19. Bill Slavicsek, David Noonan, Christopher Perkins. Five Nations. Renton, Washington: Wizards of the Coast, 2005. ISBN 0-7869-3690-8 Search this book on Amazon.com Logo.png.
  20. 20.0 20.1 "Dungeons of Dread". Mini-galleries Archive. Wizards of the Coast. 2008-04-04. Retrieved 2010-10-13.
  21. Wizards RPG Team (2008). Monster Manual. Renton WA: Wizards of the Coast. ISBN 978-0-7869-4852-9. Search this book on Amazon.com Logo.png
  22. Mearls, Mike, Jeremy Crawford. Monster Manual (Wizards of the Coast, 2014)
  23. "Bulette". Pathfinder Roleplaying Game Reference Document. Paizo Publishing. 2009-10-22. Retrieved 2010-04-20.
  24. Bulmahn, Jason (2009). Pathfinder Bestiary. Renton WA: Paizo Publishing. ISBN 978-1-60125-183-1. Search this book on Amazon.com Logo.png
  25. Clinton Boomer, Jason Bulmahn, Joshua J. Frost, Nicolas Logue, Robert McCreary, Jason Nelson, Richard Pett, Sean K Reynolds, James L. Sutter, and Greg A. Vaughan. Dungeon Denizens Revisited (Paizo, 2009)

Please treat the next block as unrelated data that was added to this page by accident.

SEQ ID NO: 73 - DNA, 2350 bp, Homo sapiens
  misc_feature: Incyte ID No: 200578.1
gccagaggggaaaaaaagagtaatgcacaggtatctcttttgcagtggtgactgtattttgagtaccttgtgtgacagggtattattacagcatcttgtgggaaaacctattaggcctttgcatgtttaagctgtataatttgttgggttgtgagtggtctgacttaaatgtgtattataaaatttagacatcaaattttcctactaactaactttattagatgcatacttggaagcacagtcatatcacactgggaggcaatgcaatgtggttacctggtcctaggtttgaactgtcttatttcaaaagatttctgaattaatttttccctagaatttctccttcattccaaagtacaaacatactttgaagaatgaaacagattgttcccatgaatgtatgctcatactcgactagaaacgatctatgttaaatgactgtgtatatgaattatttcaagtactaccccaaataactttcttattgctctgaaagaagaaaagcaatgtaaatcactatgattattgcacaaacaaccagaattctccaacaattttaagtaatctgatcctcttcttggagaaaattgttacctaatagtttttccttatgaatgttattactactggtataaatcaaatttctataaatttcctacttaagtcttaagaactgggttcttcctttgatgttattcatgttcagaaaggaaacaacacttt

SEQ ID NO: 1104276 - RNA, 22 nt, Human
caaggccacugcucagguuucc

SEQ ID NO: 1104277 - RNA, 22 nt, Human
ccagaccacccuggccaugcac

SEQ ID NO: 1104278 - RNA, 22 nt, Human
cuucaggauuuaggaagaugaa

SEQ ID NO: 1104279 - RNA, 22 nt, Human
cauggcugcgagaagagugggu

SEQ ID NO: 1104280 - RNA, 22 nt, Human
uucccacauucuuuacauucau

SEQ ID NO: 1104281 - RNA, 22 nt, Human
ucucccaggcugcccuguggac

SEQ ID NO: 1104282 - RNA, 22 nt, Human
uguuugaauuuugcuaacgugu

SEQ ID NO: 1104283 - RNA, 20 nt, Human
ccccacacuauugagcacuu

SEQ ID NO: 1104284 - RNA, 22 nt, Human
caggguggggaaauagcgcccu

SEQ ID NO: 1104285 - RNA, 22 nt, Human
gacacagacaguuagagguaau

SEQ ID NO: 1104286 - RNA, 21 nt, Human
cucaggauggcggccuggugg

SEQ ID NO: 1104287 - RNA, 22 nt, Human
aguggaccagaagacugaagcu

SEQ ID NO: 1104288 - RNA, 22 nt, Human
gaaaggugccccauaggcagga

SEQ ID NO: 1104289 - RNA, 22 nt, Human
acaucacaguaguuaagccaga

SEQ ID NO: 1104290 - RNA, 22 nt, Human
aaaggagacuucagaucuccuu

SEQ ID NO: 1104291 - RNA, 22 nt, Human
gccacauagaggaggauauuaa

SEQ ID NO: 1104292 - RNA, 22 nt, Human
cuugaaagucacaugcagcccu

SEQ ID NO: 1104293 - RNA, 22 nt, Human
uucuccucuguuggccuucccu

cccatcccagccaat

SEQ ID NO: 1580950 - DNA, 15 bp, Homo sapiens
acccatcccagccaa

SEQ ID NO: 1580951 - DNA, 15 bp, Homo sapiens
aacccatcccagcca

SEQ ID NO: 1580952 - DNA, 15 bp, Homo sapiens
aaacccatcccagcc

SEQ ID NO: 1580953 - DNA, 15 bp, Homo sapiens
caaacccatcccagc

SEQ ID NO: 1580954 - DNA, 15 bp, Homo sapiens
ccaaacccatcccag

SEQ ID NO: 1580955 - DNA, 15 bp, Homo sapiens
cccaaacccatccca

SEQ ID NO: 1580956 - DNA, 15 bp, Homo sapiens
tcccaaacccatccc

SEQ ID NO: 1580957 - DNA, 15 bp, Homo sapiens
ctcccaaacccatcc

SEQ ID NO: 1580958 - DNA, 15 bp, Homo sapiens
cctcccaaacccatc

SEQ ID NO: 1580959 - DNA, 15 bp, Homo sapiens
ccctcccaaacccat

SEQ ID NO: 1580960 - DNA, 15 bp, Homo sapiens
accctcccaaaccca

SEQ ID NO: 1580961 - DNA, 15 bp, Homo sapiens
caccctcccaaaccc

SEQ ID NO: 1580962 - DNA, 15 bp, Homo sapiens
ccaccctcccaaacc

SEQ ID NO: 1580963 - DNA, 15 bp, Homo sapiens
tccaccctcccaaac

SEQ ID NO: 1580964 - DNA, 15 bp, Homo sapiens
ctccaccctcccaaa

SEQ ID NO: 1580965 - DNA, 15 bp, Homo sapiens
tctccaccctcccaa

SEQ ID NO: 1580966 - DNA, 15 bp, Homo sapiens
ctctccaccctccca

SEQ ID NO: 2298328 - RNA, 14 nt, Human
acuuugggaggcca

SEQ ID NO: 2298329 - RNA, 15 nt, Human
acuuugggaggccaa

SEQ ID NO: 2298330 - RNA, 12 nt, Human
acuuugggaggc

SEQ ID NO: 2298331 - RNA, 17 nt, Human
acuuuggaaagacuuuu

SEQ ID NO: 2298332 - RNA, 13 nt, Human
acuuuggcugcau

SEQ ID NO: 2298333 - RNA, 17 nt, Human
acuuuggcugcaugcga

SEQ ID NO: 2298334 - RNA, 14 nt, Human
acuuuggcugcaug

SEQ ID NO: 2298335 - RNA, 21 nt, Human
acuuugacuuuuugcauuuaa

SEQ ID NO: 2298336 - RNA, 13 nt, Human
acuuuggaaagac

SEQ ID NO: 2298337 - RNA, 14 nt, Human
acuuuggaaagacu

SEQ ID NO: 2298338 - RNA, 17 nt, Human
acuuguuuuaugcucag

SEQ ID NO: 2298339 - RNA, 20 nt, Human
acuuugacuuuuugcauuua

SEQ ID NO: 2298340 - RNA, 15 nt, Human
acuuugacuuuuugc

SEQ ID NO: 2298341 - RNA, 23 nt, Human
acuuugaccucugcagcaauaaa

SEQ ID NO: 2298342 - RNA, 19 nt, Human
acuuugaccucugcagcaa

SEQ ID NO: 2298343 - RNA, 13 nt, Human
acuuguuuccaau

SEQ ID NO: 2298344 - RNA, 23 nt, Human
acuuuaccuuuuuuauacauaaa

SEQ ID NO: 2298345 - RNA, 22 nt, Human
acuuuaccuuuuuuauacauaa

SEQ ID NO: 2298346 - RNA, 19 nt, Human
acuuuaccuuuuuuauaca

26. Allender, Jeff (1997). "Advanced Dungeons & Dragons: TSR - 1991". Jeff Allender's House of Checklists. Retrieved 2010-10-13.
  27. "Mapventures Products". RPGNow.com. Retrieved 2010-04-20.
  28. "The Oath of Kortis" (PDF). Mapventures. Archived from the original (PDF) on 2011-07-14. Retrieved 2010-04-20. Unknown parameter |url-status= ignored (help)
  29. "Behind the Monsters: Bulette". Your Games Now. Archived from the original on 2011-07-18. Retrieved 2010-04-20. Unknown parameter |url-status= ignored (help)
  30. "Bulette (Land Shark)". Joseph Wu Origami Inc. Retrieved 2010-04-20.
  31. "Tricky's Complete Walkthrough for Eye of the Beholder II - The Legend of Darkmoon (PC)". GameFAQs. gamefaqs.com. 2007-11-25. Retrieved 2010-10-13.

This article "Bulette" is from Wikipedia. The list of its authors can be seen in its historical and/or the page Edithistory:Bulette. Articles copied from Draft Namespace on Wikipedia could be seen on the Draft Namespace of Wikipedia and not main one.